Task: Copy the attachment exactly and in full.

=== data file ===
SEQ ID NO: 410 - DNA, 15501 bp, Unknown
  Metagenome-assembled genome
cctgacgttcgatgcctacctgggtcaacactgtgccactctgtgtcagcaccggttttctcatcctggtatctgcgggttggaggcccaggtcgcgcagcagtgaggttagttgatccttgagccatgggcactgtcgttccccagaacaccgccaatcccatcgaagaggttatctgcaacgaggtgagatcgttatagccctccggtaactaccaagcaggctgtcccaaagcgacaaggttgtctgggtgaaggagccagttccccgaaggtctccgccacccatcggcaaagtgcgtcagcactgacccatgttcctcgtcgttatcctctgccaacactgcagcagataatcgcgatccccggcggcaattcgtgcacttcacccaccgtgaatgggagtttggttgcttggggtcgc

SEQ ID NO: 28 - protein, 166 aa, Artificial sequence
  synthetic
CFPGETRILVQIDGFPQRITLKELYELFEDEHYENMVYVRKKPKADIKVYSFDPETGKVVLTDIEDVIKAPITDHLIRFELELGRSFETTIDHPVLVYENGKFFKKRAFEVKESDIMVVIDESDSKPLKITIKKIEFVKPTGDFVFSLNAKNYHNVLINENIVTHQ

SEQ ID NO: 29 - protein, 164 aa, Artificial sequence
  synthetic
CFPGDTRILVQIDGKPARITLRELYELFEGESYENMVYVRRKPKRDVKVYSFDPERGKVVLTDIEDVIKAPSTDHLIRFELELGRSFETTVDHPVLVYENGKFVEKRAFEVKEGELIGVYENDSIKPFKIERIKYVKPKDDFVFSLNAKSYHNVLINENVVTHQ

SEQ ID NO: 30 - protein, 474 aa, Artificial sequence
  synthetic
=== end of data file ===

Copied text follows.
SEQ ID NO: 410 - DNA, 15501 bp, Unknown
  Metagenome-assembled genome
cctgacgttcgatgcctacctgggtcaacactgtgccactctgtgtcagcaccggttttctcatcctggtatctgcgggttggaggcccaggtcgcgcagcagtgaggttagttgatccttgagccatgggcactgtcgttccccagaacaccgccaatcccatcgaagaggttatctgcaacgaggtgagatcgttatagccctccggtaactaccaagcaggctgtcccaaagcgacaaggttgtctgggtgaaggagccagttccccgaaggtctccgccacccatcggcaaagtgcgtcagcactgacccatgttcctcgtcgttatcctctgccaacactgcagcagataatcgcgatccccggcggcaattcgtgcacttcacccaccgtgaatgggagtttggttgcttggggtcgc

SEQ ID NO: 28 - protein, 166 aa, Artificial sequence
  synthetic
CFPGETRILVQIDGFPQRITLKELYELFEDEHYENMVYVRKKPKADIKVYSFDPETGKVVLTDIEDVIKAPITDHLIRFELELGRSFETTIDHPVLVYENGKFFKKRAFEVKESDIMVVIDESDSKPLKITIKKIEFVKPTGDFVFSLNAKNYHNVLINENIVTHQ

SEQ ID NO: 29 - protein, 164 aa, Artificial sequence
  synthetic
CFPGDTRILVQIDGKPARITLRELYELFEGESYENMVYVRRKPKRDVKVYSFDPERGKVVLTDIEDVIKAPSTDHLIRFELELGRSFETTVDHPVLVYENGKFVEKRAFEVKEGELIGVYENDSIKPFKIERIKYVKPKDDFVFSLNAKSYHNVLINENVVTHQ

SEQ ID NO: 30 - protein, 474 aa, Artificial sequence
  synthetic